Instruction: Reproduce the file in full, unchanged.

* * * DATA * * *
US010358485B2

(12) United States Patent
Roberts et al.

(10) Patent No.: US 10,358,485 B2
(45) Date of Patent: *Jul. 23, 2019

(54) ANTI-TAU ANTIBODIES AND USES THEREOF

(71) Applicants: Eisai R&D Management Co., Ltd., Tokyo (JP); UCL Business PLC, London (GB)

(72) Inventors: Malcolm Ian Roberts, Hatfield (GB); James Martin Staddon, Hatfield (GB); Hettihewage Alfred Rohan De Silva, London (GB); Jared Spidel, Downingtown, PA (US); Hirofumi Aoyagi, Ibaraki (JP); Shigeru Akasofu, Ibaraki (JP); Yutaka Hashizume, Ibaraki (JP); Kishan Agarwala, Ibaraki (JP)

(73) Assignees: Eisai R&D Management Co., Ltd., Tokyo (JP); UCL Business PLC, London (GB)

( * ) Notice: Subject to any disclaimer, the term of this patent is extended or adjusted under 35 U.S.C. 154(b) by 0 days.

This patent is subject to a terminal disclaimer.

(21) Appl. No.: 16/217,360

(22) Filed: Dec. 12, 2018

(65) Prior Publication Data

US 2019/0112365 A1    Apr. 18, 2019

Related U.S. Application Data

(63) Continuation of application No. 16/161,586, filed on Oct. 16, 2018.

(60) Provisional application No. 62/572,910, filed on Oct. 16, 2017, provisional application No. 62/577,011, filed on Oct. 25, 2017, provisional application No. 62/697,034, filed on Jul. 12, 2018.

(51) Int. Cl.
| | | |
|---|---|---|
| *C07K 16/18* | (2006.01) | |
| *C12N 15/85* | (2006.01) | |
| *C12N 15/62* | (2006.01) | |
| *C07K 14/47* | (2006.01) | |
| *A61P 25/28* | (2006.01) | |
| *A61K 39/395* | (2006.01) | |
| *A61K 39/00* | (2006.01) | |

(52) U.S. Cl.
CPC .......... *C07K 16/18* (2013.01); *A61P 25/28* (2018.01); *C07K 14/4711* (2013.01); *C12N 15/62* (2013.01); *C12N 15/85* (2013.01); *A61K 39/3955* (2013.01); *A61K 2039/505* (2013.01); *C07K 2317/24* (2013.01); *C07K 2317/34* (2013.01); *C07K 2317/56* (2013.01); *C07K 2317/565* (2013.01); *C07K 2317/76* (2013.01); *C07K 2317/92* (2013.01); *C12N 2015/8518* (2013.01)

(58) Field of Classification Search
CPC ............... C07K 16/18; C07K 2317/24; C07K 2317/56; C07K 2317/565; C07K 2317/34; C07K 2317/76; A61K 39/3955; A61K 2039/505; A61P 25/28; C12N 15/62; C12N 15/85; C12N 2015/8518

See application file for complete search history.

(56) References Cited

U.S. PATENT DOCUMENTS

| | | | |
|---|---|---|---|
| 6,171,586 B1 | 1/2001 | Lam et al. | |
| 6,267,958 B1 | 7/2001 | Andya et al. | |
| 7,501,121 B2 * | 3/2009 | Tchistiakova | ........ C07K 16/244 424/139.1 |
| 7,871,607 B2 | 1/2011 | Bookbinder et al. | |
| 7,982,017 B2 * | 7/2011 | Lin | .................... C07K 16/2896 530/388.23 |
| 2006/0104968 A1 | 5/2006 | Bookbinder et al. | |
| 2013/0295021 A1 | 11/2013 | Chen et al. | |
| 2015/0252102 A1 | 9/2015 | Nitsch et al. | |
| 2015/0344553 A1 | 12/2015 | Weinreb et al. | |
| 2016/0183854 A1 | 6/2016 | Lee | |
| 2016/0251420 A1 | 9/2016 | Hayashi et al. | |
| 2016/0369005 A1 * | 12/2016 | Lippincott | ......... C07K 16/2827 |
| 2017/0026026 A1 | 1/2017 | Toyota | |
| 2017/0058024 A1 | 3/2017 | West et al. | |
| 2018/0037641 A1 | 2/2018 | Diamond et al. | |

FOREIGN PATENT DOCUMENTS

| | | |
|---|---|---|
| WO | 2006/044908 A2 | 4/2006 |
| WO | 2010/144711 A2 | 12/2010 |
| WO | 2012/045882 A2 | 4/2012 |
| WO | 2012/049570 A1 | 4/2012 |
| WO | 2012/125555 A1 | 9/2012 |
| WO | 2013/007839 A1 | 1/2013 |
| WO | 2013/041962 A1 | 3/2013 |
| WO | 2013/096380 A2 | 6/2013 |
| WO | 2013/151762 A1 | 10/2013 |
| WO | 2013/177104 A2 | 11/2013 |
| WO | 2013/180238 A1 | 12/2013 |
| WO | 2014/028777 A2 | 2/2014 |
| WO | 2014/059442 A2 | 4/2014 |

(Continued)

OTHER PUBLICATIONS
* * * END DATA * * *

US010358485B2

(12) United States Patent
Roberts et al.

(10) Patent No.: US 10,358,485 B2
(45) Date of Patent: *Jul. 23, 2019

(54) ANTI-TAU ANTIBODIES AND USES THEREOF

(71) Applicants: Eisai R&D Management Co., Ltd., Tokyo (JP); UCL Business PLC, London (GB)

(72) Inventors: Malcolm Ian Roberts, Hatfield (GB); James Martin Staddon, Hatfield (GB); Hettihewage Alfred Rohan De Silva, London (GB); Jared Spidel, Downingtown, PA (US); Hirofumi Aoyagi, Ibaraki (JP); Shigeru Akasofu, Ibaraki (JP); Yutaka Hashizume, Ibaraki (JP); Kishan Agarwala, Ibaraki (JP)

(73) Assignees: Eisai R&D Management Co., Ltd., Tokyo (JP); UCL Business PLC, London (GB)

( * ) Notice: Subject to any disclaimer, the term of this patent is extended or adjusted under 35 U.S.C. 154(b) by 0 days.

This patent is subject to a terminal disclaimer.

(21) Appl. No.: 16/217,360

(22) Filed: Dec. 12, 2018

(65) Prior Publication Data

US 2019/0112365 A1    Apr. 18, 2019

Related U.S. Application Data

(63) Continuation of application No. 16/161,586, filed on Oct. 16, 2018.

(60) Provisional application No. 62/572,910, filed on Oct. 16, 2017, provisional application No. 62/577,011, filed on Oct. 25, 2017, provisional application No. 62/697,034, filed on Jul. 12, 2018.

(51) Int. Cl.
| | | |
|---|---|---|
| *C07K 16/18* | (2006.01) | |
| *C12N 15/85* | (2006.01) | |
| *C12N 15/62* | (2006.01) | |
| *C07K 14/47* | (2006.01) | |
| *A61P 25/28* | (2006.01) | |
| *A61K 39/395* | (2006.01) | |
| *A61K 39/00* | (2006.01) | |

(52) U.S. Cl.
CPC .......... *C07K 16/18* (2013.01); *A61P 25/28* (2018.01); *C07K 14/4711* (2013.01); *C12N 15/62* (2013.01); *C12N 15/85* (2013.01); *A61K 39/3955* (2013.01); *A61K 2039/505* (2013.01); *C07K 2317/24* (2013.01); *C07K 2317/34* (2013.01); *C07K 2317/56* (2013.01); *C07K 2317/565* (2013.01); *C07K 2317/76* (2013.01); *C07K 2317/92* (2013.01); *C12N 2015/8518* (2013.01)

(58) Field of Classification Search
CPC ............... C07K 16/18; C07K 2317/24; C07K 2317/56; C07K 2317/565; C07K 2317/34; C07K 2317/76; A61K 39/3955; A61K 2039/505; A61P 25/28; C12N 15/62; C12N 15/85; C12N 2015/8518

See application file for complete search history.

(56) References Cited

U.S. PATENT DOCUMENTS

| | | | |
|---|---|---|---|
| 6,171,586 B1 | 1/2001 | Lam et al. | |
| 6,267,958 B1 | 7/2001 | Andya et al. | |
| 7,501,121 B2 * | 3/2009 | Tchistiakova | ........ C07K 16/244 424/139.1 |
| 7,871,607 B2 | 1/2011 | Bookbinder et al. | |
| 7,982,017 B2 * | 7/2011 | Lin | .................... C07K 16/2896 530/388.23 |
| 2006/0104968 A1 | 5/2006 | Bookbinder et al. | |
| 2013/0295021 A1 | 11/2013 | Chen et al. | |
| 2015/0252102 A1 | 9/2015 | Nitsch et al. | |
| 2015/0344553 A1 | 12/2015 | Weinreb et al. | |
| 2016/0183854 A1 | 6/2016 | Lee | |
| 2016/0251420 A1 | 9/2016 | Hayashi et al. | |
| 2016/0369005 A1 * | 12/2016 | Lippincott | ......... C07K 16/2827 |
| 2017/0026026 A1 | 1/2017 | Toyota | |
| 2017/0058024 A1 | 3/2017 | West et al. | |
| 2018/0037641 A1 | 2/2018 | Diamond et al. | |

FOREIGN PATENT DOCUMENTS

| | | |
|---|---|---|
| WO | 2006/044908 A2 | 4/2006 |
| WO | 2010/144711 A2 | 12/2010 |
| WO | 2012/045882 A2 | 4/2012 |
| WO | 2012/049570 A1 | 4/2012 |
| WO | 2012/125555 A1 | 9/2012 |
| WO | 2013/007839 A1 | 1/2013 |
| WO | 2013/041962 A1 | 3/2013 |
| WO | 2013/096380 A2 | 6/2013 |
| WO | 2013/151762 A1 | 10/2013 |
| WO | 2013/177104 A2 | 11/2013 |
| WO | 2013/180238 A1 | 12/2013 |
| WO | 2014/028777 A2 | 2/2014 |
| WO | 2014/059442 A2 | 4/2014 |

(Continued)

OTHER PUBLICATIONS